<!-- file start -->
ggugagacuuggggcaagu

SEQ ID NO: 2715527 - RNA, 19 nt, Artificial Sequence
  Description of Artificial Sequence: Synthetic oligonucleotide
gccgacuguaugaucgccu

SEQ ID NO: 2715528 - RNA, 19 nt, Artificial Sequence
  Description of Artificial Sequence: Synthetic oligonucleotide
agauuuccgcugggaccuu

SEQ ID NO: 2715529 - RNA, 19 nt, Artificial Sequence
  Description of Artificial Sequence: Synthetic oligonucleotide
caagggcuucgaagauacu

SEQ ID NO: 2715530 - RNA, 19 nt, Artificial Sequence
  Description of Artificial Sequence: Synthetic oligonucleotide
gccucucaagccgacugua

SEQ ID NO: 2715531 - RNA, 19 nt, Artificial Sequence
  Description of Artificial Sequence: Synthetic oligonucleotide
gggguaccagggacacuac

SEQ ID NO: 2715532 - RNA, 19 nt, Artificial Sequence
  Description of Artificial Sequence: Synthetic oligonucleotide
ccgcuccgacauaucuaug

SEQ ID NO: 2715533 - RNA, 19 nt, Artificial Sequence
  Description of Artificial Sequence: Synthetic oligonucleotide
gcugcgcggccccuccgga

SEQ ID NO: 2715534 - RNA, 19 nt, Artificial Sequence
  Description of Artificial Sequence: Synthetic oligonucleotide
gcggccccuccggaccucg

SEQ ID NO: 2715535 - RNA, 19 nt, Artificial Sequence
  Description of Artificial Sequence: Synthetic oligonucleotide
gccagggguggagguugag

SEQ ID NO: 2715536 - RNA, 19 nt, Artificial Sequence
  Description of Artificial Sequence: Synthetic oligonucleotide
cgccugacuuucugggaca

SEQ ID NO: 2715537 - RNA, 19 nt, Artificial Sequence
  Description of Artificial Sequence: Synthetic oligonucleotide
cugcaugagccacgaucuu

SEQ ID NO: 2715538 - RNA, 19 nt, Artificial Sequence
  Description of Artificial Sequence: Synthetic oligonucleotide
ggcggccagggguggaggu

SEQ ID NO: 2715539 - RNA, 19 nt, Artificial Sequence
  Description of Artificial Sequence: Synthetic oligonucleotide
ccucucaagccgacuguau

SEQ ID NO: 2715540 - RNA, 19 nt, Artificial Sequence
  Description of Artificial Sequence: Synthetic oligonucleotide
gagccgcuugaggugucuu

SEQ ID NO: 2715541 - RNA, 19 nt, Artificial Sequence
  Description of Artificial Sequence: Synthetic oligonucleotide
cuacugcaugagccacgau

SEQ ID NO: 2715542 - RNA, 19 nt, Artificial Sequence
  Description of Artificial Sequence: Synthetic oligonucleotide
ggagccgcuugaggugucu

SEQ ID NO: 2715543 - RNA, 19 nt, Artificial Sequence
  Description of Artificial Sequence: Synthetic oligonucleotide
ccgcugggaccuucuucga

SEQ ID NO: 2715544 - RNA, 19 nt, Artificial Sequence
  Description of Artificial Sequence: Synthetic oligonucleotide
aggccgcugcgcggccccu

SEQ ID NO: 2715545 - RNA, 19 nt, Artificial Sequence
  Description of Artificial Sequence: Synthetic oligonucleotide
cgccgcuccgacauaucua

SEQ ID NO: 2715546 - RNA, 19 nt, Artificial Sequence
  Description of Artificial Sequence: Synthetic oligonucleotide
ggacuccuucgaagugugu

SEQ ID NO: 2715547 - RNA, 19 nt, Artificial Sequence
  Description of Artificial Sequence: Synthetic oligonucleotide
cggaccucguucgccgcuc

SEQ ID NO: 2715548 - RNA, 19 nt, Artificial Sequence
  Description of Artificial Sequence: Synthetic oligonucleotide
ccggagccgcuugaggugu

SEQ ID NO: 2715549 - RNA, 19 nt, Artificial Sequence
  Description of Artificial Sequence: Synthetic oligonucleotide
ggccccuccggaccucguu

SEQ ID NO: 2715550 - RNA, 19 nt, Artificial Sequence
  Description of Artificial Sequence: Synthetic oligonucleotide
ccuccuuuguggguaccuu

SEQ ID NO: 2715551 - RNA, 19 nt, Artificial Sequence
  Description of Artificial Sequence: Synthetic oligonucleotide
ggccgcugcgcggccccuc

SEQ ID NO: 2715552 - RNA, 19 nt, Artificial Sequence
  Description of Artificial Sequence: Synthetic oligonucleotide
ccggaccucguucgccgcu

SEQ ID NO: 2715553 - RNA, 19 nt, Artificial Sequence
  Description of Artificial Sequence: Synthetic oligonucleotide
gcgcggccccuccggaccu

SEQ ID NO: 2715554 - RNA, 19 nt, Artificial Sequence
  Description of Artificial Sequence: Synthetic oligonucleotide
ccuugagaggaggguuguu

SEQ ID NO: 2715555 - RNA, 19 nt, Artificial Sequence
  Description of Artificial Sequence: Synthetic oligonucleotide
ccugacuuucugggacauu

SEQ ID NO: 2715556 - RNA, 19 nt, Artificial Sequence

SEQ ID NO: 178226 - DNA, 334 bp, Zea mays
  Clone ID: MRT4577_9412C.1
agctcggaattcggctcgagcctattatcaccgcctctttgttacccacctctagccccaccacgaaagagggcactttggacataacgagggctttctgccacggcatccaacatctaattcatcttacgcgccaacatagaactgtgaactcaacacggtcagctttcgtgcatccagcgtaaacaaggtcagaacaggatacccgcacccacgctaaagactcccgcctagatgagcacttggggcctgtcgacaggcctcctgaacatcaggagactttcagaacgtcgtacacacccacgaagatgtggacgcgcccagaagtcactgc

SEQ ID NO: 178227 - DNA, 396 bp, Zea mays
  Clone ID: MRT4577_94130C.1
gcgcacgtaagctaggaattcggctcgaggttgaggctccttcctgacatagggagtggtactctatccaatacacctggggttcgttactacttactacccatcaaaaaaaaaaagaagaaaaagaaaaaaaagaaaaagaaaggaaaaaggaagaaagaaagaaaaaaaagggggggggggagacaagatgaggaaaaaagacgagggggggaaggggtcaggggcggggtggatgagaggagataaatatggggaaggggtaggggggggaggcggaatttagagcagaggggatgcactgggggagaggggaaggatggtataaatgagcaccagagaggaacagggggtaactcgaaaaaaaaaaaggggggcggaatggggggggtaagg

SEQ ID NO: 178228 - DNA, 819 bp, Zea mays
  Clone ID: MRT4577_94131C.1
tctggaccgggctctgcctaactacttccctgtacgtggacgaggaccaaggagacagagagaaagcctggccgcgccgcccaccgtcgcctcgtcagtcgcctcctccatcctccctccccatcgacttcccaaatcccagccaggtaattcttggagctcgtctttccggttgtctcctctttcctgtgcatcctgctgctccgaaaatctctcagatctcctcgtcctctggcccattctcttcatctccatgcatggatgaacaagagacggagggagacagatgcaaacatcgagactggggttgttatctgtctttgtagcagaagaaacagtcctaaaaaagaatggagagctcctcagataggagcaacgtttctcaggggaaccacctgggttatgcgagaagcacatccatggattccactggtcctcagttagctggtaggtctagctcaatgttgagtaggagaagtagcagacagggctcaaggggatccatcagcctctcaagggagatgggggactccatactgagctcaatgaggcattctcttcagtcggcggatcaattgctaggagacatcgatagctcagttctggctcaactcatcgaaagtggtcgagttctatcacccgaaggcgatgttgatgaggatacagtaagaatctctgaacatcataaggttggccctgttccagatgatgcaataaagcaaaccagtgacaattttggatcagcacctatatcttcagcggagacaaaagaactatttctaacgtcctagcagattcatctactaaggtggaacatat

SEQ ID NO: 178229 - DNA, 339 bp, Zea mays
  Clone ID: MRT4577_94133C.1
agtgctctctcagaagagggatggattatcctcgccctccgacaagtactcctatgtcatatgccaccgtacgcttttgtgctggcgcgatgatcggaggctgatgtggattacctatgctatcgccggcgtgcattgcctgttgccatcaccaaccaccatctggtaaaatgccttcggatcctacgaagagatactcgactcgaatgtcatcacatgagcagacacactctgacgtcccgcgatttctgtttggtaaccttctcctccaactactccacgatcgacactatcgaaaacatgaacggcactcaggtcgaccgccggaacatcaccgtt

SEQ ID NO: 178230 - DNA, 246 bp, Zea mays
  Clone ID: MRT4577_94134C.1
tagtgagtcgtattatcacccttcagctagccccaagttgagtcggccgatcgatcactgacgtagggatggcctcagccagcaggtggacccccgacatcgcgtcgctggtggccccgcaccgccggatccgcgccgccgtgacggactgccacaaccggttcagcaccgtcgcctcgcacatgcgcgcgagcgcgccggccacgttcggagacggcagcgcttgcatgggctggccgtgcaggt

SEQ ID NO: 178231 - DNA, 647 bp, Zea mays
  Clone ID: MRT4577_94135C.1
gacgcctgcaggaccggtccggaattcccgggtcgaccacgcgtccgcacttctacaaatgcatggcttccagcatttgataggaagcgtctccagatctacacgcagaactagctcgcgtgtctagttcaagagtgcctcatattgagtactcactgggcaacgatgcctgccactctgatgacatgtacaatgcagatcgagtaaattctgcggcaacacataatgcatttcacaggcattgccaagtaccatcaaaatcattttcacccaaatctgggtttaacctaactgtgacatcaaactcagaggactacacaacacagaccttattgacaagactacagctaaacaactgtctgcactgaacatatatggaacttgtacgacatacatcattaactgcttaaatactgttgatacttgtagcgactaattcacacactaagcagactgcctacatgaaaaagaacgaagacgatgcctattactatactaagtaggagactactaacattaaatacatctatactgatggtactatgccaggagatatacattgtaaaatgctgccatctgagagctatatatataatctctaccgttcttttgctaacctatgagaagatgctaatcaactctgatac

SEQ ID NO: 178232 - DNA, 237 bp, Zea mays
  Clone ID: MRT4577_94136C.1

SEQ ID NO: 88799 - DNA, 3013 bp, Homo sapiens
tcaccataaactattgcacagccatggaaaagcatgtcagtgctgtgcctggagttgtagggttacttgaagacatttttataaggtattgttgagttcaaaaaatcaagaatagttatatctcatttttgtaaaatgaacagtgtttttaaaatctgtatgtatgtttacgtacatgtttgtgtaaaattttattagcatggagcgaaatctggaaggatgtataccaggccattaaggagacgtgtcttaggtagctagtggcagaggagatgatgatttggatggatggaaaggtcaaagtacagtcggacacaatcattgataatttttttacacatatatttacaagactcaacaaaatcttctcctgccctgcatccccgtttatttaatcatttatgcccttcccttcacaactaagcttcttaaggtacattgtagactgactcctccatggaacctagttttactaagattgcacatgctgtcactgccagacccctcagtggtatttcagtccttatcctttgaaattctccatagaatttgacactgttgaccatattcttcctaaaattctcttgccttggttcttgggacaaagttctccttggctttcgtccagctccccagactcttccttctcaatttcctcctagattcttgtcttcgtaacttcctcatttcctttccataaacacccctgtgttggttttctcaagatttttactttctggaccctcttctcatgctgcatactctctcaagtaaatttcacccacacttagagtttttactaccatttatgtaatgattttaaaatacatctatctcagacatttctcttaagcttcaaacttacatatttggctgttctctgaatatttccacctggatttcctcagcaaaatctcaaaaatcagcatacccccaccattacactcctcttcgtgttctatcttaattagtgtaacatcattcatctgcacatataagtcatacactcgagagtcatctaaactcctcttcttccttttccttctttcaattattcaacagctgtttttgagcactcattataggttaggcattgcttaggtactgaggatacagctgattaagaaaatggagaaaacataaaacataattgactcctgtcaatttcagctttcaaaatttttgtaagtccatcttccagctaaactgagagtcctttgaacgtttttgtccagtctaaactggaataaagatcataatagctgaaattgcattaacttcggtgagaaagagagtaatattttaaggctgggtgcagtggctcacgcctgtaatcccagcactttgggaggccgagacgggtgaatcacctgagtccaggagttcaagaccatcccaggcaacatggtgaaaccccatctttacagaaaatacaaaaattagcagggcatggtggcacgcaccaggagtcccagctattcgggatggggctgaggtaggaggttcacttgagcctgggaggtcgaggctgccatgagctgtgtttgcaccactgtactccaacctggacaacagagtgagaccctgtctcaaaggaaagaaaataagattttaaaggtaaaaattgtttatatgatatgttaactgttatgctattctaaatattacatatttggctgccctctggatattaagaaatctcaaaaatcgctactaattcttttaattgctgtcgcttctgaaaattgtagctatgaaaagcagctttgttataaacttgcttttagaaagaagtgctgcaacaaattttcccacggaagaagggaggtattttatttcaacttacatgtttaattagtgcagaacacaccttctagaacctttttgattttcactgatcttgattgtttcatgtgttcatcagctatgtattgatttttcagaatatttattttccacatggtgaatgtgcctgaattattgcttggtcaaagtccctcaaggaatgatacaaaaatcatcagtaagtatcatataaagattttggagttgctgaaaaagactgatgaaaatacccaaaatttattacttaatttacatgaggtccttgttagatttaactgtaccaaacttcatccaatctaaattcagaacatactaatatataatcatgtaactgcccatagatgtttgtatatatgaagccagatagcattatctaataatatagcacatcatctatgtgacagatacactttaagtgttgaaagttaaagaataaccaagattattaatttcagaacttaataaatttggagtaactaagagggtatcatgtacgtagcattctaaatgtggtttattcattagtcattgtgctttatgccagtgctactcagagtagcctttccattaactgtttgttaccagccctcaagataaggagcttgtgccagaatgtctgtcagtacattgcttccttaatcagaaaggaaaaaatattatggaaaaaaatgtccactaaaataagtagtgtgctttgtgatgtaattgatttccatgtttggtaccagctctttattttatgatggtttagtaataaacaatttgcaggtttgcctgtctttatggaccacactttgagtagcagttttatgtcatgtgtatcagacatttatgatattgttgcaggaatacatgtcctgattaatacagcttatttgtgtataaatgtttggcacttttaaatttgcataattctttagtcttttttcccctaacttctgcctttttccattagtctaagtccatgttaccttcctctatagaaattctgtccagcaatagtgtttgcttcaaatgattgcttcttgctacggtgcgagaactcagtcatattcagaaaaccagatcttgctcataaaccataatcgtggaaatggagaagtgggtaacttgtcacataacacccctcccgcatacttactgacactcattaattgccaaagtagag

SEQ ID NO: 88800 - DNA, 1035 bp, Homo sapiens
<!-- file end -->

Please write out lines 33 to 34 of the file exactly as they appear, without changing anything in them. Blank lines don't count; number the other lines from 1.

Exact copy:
  Description of Artificial Sequence: Synthetic oligonucleotide
cugcaugagccacgaucuu